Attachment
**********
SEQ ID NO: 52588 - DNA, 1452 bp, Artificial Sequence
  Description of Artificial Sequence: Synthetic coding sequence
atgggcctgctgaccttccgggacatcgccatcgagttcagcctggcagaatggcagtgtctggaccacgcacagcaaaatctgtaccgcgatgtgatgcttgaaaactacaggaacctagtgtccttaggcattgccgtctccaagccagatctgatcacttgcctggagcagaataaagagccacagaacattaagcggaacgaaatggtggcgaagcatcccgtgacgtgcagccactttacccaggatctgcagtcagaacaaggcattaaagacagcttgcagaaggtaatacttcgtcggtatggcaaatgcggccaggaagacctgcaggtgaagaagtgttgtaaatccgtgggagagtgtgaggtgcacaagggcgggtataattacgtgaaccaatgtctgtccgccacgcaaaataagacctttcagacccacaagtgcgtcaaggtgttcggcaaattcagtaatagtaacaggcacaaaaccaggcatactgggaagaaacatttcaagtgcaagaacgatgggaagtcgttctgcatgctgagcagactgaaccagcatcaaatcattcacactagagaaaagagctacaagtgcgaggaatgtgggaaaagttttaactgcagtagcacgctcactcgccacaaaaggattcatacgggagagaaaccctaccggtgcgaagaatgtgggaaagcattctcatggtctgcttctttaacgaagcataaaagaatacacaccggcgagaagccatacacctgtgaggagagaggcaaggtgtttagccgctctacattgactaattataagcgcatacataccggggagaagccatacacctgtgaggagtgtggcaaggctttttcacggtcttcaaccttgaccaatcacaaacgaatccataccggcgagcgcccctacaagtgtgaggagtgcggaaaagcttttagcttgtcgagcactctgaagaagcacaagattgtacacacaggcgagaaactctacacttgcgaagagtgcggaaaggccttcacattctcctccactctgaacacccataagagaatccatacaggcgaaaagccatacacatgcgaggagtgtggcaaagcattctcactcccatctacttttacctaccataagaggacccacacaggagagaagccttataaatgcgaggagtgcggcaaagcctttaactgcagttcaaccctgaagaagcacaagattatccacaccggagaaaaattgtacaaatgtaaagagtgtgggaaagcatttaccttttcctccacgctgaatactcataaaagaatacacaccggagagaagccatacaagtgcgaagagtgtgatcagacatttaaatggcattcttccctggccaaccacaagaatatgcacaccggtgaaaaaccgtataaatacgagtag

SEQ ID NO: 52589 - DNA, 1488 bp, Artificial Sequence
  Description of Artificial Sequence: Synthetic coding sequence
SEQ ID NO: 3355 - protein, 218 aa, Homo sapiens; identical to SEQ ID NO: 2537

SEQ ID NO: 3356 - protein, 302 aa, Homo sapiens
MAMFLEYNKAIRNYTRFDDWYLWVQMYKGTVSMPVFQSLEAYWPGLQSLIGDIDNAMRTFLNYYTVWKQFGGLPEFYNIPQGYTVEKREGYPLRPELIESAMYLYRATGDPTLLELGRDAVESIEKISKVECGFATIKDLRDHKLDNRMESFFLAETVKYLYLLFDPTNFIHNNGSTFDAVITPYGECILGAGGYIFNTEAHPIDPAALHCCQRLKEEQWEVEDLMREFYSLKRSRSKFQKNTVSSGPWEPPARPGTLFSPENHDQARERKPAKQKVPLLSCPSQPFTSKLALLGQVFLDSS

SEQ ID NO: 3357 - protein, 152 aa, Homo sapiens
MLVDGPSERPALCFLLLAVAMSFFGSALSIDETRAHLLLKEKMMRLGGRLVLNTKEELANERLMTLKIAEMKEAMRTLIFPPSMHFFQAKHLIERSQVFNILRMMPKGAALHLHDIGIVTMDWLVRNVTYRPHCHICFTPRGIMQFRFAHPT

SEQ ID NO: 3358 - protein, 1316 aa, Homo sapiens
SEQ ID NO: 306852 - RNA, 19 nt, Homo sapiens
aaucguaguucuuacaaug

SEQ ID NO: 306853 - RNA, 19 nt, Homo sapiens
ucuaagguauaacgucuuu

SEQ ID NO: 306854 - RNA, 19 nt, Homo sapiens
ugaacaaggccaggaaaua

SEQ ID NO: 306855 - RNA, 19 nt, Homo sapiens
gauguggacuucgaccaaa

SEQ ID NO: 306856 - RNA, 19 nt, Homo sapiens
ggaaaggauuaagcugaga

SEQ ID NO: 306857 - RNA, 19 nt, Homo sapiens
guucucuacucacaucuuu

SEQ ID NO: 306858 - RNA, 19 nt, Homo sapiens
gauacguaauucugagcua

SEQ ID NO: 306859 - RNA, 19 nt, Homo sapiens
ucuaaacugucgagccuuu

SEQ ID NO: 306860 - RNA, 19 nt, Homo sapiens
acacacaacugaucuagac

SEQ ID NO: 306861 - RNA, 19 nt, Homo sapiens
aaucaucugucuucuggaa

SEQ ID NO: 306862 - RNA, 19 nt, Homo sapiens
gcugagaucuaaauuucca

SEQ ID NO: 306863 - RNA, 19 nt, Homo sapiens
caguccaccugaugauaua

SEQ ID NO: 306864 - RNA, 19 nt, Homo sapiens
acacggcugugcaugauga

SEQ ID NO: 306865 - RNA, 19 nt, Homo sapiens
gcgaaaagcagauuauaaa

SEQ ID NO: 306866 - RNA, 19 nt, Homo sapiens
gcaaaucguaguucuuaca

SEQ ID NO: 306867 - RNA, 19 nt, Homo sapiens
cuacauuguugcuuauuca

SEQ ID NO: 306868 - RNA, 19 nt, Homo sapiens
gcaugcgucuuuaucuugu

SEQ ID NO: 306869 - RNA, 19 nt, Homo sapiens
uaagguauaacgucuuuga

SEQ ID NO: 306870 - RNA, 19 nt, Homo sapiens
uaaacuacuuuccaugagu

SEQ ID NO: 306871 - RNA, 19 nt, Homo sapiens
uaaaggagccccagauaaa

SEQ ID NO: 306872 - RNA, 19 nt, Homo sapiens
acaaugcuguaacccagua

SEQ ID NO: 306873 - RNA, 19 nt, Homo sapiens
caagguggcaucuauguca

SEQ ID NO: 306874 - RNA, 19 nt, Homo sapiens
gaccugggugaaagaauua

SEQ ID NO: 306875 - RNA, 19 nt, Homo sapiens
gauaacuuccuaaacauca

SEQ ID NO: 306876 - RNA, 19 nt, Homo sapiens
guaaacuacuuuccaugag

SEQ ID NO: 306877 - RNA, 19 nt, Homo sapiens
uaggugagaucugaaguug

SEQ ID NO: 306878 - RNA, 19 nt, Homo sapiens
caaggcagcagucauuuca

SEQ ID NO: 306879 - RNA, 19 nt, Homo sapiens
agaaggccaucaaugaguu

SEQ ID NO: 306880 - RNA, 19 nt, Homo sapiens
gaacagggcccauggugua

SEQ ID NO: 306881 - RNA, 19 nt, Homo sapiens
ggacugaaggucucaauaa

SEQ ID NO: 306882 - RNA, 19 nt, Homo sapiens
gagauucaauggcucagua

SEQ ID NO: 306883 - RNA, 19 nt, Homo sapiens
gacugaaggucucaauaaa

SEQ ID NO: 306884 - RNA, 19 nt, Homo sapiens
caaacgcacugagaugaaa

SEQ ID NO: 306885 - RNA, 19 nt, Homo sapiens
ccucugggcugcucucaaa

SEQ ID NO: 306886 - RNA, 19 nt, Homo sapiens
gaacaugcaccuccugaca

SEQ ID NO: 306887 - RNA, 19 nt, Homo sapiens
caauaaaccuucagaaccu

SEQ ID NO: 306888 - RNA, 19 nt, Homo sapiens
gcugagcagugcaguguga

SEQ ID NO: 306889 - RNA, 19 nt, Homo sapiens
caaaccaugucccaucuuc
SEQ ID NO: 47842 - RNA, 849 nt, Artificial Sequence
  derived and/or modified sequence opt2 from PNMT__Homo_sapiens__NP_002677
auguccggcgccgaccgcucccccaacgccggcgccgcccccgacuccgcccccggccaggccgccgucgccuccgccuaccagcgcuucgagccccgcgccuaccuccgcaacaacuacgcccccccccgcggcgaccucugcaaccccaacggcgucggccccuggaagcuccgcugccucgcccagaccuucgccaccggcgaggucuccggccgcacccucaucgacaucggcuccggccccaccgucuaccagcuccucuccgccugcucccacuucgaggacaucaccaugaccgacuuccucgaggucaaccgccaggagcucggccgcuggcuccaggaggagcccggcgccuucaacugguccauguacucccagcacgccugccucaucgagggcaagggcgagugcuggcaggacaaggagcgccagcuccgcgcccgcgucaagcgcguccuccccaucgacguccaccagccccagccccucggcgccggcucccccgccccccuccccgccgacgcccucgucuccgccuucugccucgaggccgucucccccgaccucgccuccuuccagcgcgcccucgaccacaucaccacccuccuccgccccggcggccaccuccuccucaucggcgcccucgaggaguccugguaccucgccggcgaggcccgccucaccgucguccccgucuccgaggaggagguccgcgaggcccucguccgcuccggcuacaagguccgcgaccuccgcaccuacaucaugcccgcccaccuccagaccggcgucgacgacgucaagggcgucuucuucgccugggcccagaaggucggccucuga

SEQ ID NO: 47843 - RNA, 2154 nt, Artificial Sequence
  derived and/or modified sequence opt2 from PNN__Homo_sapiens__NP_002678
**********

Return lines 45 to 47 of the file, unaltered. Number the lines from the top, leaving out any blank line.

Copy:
gcaugcgucuuuaucuugu

SEQ ID NO: 306869 - RNA, 19 nt, Homo sapiens
uaagguauaacgucuuuga